The three leads of this three-way romance compellingly portrayed their character, enough to deliver Ricky Lee’s unevenly-written script with power and heart.
Actors: Andrea del Rosario, Gold Azeron, Kych Minemoto, Yayo Aguila, Debbie Garcia, Lander Vera-Perez
Genre: Drama, Romance
Premise: The relationship of a mother with her son gets shaken when they both fall in love with the latter’s best friend.
Running Time: 95 minutes
Screenplay: Ricardo Lee
Direction: Mac Alejandre
Watch it in: cinemas
Why You Should See It:
Things are going faster than most would hope, in this new Vivamax release that explores the complexity and ramifications of three-way romances. Momentum lacks in the first of the film and there is hardly room for the crucial events to develop, so watching the film may probably make the audiences ask how things got to where they arrived. The May-December affair between Del Rosario and Minemoto, for example, practically just sprung from nowhere.
May-December-January follows single mother, Claire (Andrea del Rosario) and her son, Pol (Gold Azeron). They lived together independently, with Claire managing to raise her kid pretty well, even without the presence of his father, who abandoned them. The crux of their relationship comes in the form of Migoy (Kych Minemoto), Pol’s best friend, whom he harbors a romantic admiration for. The genuine friendship they share proved to be the biggest hurdle for him to confess; he values it so much that he thinks coming out would be detrimental to his only connection with Migoy. To complicate things further, Migoy is madly in love with Claire too, dismissing the huge age gap.
The film devoted a big portion of its time to delve into the chaos and confusion brought about by the love triangle shared by Migoy, Pol, and Claire. The narrative itself made an effort to show arrangements like that seldom end well and with a happy ending, and that is true in this case. The debacle for this awkward trio got even harder to deal with when a deadly illness found its way into the relationship. By this point, things became pretty much predictable. Sacrifices were made, and the ones who did them are not all surprising.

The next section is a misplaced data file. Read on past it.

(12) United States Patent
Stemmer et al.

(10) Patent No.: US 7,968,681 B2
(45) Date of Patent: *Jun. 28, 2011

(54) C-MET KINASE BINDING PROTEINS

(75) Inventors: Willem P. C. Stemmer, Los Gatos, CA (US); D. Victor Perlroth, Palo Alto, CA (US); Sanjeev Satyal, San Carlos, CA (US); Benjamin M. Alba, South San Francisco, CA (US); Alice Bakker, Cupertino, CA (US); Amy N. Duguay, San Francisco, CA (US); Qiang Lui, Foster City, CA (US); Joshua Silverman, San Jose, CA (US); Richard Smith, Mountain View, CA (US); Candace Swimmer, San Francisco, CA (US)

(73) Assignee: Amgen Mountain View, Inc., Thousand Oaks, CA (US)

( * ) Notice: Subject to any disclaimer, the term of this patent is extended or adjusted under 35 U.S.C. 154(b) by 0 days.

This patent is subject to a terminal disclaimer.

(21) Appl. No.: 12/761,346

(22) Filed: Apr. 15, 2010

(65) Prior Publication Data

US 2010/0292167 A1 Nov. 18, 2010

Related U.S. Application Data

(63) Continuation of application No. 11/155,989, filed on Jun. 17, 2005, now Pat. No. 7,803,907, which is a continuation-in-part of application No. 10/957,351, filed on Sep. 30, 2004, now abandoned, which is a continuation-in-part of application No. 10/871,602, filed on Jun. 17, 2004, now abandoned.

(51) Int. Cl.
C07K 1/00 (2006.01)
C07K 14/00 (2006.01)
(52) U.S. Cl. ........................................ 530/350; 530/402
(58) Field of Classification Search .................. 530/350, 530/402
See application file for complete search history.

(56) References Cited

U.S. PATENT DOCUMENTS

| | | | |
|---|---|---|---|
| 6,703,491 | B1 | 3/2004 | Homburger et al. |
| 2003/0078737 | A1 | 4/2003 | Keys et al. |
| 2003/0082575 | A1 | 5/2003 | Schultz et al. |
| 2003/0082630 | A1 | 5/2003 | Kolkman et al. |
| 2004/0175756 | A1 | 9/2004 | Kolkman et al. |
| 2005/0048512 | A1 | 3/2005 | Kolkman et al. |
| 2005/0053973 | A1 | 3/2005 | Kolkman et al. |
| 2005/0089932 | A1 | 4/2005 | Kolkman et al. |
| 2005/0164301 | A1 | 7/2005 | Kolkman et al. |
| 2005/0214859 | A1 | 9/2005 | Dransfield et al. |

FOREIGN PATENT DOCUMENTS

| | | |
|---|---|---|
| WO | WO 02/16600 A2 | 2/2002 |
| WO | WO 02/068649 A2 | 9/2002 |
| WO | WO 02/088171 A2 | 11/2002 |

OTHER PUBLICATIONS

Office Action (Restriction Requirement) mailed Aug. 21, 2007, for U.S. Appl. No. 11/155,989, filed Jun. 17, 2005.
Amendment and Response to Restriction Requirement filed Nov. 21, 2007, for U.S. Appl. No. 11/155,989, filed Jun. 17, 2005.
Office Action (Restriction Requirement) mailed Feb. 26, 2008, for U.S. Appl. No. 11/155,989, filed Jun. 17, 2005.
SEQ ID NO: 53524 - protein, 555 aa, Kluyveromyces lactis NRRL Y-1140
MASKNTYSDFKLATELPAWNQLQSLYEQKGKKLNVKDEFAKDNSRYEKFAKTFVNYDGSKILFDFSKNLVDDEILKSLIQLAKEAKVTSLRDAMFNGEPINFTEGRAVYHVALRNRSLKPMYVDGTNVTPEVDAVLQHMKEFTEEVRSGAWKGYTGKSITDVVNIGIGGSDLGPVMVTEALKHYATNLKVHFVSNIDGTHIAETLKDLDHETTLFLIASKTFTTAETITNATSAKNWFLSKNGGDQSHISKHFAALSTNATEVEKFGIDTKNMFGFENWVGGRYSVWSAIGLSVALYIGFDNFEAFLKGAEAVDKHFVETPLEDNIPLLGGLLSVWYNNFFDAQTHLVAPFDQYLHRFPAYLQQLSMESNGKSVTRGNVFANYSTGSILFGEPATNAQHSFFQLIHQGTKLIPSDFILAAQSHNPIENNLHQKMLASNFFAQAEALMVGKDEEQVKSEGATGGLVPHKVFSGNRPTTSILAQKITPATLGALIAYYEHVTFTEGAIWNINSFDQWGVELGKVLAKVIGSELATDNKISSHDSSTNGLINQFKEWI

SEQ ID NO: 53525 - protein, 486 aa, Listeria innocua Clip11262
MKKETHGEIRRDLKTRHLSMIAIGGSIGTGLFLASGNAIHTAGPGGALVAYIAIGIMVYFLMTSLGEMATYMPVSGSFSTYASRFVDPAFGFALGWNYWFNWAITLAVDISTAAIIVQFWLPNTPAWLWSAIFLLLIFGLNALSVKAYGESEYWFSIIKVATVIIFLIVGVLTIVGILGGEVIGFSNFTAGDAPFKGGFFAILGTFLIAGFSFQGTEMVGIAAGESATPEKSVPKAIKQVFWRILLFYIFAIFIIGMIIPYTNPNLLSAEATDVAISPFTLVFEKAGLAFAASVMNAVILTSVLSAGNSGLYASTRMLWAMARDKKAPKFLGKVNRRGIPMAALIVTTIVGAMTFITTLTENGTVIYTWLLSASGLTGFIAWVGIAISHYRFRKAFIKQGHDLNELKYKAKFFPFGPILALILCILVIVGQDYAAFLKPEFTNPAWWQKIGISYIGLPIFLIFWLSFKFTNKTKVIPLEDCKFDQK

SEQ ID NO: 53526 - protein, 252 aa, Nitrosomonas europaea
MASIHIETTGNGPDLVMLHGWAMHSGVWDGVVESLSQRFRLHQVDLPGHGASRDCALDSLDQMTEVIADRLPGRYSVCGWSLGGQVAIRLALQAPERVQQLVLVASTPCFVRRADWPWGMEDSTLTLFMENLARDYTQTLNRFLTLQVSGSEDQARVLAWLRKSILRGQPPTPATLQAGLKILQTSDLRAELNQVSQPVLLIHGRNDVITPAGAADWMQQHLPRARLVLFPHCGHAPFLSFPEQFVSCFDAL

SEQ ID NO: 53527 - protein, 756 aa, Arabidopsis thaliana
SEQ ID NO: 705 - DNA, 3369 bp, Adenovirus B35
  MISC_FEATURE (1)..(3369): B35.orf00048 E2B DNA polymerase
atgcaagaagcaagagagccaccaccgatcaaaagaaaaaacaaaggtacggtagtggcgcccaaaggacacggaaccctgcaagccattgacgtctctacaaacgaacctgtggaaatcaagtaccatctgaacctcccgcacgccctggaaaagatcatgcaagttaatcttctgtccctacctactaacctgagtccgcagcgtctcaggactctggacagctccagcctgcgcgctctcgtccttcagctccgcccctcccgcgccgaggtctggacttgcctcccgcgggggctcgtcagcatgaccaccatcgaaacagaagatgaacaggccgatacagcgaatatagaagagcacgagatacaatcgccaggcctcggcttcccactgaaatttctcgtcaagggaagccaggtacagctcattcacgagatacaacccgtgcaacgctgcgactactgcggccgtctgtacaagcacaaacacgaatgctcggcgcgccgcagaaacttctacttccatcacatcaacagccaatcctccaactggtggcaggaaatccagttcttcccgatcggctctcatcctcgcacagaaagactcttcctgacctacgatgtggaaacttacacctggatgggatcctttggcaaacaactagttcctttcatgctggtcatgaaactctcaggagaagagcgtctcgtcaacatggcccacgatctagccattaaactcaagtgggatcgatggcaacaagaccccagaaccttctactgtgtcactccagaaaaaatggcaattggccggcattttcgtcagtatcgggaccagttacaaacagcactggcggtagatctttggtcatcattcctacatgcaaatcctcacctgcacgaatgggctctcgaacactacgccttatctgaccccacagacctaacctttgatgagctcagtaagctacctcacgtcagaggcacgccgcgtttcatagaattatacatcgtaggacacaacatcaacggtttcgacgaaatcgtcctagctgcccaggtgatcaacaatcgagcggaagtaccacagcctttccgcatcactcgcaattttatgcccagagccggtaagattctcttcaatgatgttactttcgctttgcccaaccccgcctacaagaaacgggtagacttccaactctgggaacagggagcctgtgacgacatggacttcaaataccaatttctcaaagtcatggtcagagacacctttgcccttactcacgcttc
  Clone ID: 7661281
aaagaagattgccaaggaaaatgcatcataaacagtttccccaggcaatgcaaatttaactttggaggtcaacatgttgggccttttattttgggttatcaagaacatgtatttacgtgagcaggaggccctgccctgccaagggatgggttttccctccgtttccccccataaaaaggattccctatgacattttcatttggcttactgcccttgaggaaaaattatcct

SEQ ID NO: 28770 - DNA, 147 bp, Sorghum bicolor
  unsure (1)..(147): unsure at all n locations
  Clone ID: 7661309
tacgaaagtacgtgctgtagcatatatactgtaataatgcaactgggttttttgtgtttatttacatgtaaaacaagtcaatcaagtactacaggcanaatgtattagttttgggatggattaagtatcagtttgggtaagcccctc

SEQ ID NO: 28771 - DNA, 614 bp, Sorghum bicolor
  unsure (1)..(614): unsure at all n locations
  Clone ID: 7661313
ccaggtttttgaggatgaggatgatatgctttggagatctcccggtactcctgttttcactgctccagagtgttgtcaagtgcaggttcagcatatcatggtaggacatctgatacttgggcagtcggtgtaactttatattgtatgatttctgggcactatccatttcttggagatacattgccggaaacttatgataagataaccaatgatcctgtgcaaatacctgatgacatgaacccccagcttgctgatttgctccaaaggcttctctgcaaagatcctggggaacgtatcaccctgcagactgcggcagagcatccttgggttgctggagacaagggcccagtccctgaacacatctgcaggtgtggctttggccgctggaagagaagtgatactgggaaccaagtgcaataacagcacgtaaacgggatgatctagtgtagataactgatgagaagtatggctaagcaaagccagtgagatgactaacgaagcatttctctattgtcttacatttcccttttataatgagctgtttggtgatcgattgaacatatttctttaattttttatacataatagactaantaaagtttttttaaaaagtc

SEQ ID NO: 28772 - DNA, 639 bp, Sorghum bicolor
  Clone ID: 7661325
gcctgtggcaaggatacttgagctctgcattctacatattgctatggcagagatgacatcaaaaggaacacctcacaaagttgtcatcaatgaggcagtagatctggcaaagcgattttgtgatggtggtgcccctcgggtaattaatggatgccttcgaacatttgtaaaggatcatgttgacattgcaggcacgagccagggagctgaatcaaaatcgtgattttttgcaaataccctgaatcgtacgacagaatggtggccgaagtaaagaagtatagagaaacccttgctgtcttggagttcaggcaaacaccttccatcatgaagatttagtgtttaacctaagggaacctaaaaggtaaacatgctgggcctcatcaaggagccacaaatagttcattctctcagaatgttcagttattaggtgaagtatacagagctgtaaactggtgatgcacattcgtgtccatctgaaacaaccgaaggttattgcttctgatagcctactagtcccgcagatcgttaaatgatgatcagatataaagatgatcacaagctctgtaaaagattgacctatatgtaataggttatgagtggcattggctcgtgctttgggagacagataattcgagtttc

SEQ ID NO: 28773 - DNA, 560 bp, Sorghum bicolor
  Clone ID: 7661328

Penned by the award-winning screenwriter, Ricky Lee, May-December-January confronts a level of expectation that one can say is not surprising for an artist of his caliber. An audience, however, can easily tell some he had some utterly outdated choices, that could make you wish a younger writer worded the film’s dialogues instead. That said, he crafted some undoubtedly powerful lines, especially for Del Rosario who shined spectacularly in her breakdown scene with Azeron.
Before the film, both Minemoto and Azeron had their fair share of playing gay roles. Minemoto played one of the more popular roles in the hit web boys’ love series, Gameboys, while Azeron already established his dramatic power via the award-winning Metamorphosis. His Pol is as compelling as most have expected. Minemoto, is similarly amazing, with his restrained yet truly effective portrayal of a guy attracted to both sexes. The way Lee wrote his character pretty much provided him a platform to showcase his range. Even in moments when his dialogues were weak, his artistic brilliance shined through and through, which made him one of the film’s strongest points.
Originally projected as a streaming-only film, May-December-January does not surprise with its plenty steamy scenes. One can easily see why the film is better off seen on the big screen. Other than the bigger and relatively more talented stars in this production, there are more tangible scenes, emotions, and truths, that are arguably better absorbed inside a cinema. The sacrifices of a mother and the wonders of true and unconditional love are just among the life’s virtues that this film satisfyingly showcased.
5 – Excellent
4 – Very Good
3 – Good
2 – Tolerable
1 – Terrible
May-December-January is now showing in cinemas, nationwide. Watch the official full trailer: